A couple of years ago, I was impressed by the number of different Stanley utility knives the local home center store carried. There were a couple of choices – something for everyone. I found exactly what I wanted, bought it, and went home.
Since then, selection has increased by quite a bit. There are now folding utility knives, ergonomically-angled retractable utility knives, retractable folding utility knives, assisted-opening utility knives, safety knives with spring-return blades, and auto-loading utility knives. And, you can still buy a basic utility knife that has to be unscrewed and taken apart for blade changes.
Stanley Black & Decker relaunched the Craftsman brand in 2018, introducing new hand tools, power tools, and tool storage products. Now, new Craftsman cordless outdoor power tools are coming to Amazon.
I don’t remember what led me to conduct this search, but I came across a list of Craftsman utility knives. There are… a couple.
If my count is correct, that’s 8 distinct fixed-handle Craftsman utility knives, 5 folding utility knives, 1 quick-slide knife that’s as compact as the folding knives, and 3 snap-blade knives.
I should point out that I created this image from all the separate Craftsman utility knife product pages I could find. Meaning, there could be more than I missed! Also, they are not to scale.
Plus, there are also two pocket knife-style folding knives.
That makes a total of 17 utility knives and 2 more general purpose pocket knives. This doesn’t include 2- and 3-count utility knife bundle packs, of course, and there are a few of those. One of these knives appears to have different SKUs depending on how many blades it’s sold with (one or ten), so I only included it once.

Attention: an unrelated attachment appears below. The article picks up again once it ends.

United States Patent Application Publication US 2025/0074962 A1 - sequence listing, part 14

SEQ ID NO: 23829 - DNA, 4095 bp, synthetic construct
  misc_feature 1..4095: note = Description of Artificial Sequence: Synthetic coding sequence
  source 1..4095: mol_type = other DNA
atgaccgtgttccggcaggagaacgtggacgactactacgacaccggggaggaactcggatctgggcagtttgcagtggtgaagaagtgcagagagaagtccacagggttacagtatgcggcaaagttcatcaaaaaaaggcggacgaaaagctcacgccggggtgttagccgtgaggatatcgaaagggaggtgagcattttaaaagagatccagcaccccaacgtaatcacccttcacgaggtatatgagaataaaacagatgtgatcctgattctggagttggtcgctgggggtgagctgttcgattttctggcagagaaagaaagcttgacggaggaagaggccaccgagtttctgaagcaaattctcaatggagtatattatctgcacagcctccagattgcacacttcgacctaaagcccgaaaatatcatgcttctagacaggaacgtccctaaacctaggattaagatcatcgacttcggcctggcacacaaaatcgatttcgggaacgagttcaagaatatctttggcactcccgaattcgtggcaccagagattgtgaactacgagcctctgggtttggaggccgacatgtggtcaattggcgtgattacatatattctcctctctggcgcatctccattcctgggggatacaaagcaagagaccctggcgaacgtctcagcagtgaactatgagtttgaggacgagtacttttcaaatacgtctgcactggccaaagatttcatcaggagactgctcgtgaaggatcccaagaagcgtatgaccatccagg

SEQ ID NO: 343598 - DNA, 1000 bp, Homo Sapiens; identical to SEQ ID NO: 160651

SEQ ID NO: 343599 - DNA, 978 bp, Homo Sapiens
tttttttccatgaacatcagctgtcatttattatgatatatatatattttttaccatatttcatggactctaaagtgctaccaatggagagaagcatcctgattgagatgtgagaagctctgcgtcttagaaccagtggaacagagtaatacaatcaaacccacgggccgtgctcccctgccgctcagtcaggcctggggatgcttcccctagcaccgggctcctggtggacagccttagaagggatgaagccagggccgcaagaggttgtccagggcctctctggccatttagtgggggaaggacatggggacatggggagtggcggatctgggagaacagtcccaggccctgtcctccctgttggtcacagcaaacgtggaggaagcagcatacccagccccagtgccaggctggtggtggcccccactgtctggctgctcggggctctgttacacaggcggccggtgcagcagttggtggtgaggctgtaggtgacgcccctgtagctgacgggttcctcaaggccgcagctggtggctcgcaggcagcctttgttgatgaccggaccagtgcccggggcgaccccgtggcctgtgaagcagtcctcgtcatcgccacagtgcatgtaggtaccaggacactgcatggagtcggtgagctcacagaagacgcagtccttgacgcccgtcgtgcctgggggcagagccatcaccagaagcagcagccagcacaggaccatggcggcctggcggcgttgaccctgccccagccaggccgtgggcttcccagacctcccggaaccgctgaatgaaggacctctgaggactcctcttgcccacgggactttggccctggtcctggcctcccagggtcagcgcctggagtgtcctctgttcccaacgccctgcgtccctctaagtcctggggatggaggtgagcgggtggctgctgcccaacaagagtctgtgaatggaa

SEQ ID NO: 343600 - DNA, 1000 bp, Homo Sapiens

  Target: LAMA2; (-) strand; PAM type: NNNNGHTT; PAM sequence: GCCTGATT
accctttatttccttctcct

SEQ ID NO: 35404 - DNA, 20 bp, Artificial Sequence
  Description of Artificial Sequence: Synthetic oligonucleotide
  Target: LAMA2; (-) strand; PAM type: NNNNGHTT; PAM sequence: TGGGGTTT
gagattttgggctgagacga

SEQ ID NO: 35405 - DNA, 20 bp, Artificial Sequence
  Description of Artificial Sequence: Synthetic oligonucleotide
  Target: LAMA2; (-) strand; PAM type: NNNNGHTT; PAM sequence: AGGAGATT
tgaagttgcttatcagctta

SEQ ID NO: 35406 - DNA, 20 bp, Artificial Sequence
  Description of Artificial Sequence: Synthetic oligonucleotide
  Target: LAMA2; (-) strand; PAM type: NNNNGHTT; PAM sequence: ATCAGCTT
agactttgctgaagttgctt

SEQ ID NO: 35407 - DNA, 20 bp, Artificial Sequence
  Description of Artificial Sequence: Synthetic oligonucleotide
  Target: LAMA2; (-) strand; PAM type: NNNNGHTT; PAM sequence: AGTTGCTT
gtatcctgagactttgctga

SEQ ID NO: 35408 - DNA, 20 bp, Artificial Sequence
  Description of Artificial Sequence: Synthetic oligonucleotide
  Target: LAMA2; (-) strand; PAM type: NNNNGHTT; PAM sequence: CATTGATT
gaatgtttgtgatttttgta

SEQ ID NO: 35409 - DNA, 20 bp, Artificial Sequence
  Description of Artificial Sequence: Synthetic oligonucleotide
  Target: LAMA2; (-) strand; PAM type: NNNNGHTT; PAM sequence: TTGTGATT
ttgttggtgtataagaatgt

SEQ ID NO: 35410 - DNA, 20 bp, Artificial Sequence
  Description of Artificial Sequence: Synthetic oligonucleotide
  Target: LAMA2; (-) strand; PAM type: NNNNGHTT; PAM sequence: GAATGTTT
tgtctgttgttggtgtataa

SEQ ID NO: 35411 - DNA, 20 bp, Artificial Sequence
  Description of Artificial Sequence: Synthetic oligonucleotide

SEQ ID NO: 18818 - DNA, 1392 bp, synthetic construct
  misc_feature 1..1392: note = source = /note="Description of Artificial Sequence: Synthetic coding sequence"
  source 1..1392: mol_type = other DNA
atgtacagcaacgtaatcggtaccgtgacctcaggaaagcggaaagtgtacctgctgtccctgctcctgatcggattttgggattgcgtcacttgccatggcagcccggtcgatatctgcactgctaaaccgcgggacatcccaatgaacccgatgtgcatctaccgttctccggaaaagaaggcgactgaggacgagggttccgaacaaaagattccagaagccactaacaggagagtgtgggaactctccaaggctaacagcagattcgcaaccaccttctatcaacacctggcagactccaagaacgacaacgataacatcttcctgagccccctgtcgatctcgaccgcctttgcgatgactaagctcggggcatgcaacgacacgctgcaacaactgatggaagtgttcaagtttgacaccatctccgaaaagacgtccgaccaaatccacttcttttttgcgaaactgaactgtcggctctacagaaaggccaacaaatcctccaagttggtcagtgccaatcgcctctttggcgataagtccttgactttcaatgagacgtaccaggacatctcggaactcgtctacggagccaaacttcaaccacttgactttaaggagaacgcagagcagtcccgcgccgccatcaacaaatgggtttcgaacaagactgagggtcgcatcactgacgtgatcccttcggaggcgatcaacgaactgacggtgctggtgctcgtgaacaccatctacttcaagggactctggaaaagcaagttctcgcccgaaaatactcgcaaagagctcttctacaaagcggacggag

The downside is that some of the designs might be hard to differentiate from each other, but you can probably tell most of the knives apart just by looking at them. The benefit is that there’s probably something for everyone.
I’ve lost track of how many different Dewalt utility knives there are, but that’s not a bad thing. Variety is good, as are design improvements.
Obviously, all (or at least most) of these new Craftsman utility knives are based on current Stanley Black & Decker utility knife designs. Still, that’s a lot of variety.
One of these days, it’ll be quite the challenge to see how many different Stanley Black & Decker utility knives exist across their Stanley, FatMax, Dewalt, Craftsman, Bostitch, Irwin, and Lenox hand tool brands. They also make utility knives beyond these brands, such as for Facom, which is more popular in Europe.
Are there any other utility knife designs or styles you think Craftsman should add to their lineup?